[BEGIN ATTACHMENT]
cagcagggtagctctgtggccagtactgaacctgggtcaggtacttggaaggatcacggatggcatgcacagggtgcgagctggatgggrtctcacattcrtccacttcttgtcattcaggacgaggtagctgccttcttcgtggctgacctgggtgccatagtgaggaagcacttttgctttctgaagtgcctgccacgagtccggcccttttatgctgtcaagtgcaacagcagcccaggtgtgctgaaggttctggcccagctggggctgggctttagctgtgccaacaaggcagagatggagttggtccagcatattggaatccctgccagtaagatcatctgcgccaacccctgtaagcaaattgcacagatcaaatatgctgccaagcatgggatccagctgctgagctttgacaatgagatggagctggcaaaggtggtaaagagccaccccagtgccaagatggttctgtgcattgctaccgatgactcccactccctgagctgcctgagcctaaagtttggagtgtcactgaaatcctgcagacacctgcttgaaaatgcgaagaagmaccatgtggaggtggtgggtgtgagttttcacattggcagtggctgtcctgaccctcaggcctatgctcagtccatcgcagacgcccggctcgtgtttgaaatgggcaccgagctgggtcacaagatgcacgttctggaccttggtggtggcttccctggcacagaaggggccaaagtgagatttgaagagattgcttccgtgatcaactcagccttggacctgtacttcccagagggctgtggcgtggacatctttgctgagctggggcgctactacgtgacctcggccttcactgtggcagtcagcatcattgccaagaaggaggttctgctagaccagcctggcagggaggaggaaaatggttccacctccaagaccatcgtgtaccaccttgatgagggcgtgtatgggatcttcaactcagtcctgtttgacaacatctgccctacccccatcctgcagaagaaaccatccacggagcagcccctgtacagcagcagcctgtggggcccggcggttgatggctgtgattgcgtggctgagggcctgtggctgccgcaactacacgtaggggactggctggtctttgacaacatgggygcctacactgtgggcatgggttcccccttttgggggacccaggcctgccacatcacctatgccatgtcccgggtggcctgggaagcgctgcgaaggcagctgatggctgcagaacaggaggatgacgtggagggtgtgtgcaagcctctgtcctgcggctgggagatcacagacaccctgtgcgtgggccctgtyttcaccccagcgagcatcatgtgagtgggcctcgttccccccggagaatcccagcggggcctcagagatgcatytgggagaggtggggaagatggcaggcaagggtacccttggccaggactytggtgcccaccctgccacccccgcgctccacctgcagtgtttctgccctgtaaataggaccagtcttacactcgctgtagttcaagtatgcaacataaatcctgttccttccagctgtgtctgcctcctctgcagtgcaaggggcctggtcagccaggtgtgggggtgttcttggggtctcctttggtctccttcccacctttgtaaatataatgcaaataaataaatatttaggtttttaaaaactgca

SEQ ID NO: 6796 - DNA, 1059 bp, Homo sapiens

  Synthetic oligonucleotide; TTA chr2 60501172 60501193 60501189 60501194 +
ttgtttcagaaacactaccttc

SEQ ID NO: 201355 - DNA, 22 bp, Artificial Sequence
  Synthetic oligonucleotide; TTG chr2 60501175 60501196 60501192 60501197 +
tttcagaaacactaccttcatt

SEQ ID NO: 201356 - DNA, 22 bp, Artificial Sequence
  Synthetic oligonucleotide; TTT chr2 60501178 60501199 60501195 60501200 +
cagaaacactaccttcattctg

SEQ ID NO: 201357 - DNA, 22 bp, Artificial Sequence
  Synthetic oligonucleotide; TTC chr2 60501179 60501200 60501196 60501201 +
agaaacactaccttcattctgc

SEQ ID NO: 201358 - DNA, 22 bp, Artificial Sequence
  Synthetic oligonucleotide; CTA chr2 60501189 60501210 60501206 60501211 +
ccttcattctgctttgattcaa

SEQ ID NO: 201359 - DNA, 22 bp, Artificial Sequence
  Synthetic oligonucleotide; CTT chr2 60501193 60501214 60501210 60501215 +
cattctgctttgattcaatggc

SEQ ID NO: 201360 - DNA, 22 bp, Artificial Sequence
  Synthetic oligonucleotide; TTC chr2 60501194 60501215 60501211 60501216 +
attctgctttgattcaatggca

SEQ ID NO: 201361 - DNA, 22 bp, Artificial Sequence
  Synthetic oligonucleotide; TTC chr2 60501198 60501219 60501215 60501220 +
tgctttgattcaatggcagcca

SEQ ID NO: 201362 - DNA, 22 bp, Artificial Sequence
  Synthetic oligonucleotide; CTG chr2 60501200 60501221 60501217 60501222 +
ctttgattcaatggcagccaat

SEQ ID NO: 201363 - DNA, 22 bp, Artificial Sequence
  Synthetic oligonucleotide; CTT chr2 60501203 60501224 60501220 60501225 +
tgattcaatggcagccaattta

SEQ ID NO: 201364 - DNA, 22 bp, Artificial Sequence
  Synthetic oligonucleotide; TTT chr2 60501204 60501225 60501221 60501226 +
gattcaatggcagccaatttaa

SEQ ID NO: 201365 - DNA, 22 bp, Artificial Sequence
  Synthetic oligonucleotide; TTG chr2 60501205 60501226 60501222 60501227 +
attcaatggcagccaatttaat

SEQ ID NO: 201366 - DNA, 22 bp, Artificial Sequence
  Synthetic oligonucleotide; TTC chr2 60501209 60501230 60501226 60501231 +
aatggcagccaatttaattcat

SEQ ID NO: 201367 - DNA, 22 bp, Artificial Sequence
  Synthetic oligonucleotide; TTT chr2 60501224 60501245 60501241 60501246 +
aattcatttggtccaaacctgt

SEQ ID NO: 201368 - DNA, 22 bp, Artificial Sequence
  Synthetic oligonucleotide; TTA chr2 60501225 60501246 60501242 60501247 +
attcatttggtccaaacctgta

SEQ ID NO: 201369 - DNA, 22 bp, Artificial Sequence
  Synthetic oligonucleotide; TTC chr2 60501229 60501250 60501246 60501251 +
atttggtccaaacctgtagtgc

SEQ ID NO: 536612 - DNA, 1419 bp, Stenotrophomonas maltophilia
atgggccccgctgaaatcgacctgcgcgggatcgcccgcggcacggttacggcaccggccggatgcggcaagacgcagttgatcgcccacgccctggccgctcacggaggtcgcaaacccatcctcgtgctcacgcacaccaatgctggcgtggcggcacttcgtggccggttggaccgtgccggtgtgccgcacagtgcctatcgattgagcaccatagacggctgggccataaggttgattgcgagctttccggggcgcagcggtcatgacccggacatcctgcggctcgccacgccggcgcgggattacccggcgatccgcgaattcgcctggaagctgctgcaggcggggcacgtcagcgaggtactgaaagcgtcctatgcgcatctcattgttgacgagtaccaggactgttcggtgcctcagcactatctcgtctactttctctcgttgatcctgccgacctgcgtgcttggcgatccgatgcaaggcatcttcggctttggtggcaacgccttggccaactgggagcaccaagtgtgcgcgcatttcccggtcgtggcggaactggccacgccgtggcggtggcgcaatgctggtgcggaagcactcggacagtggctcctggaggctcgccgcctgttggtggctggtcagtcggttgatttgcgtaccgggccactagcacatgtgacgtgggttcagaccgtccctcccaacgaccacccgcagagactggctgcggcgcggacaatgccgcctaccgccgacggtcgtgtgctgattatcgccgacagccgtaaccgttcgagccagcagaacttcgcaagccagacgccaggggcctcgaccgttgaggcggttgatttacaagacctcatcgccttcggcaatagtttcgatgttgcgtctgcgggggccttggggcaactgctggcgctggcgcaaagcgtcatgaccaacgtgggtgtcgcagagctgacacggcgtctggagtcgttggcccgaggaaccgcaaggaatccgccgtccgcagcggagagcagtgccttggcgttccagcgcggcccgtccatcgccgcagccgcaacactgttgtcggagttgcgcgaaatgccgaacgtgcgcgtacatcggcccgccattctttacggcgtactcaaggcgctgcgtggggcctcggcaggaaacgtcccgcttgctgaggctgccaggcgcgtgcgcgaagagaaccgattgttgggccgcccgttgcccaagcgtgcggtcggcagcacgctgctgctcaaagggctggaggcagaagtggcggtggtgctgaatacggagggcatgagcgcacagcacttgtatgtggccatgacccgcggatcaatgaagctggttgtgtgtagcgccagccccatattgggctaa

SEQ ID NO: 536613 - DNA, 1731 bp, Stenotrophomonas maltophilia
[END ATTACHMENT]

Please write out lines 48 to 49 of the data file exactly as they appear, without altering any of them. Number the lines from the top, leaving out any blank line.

  Synthetic oligonucleotide; TTC chr2 60501229 60501250 60501246 60501251 +
atttggtccaaacctgtagtgc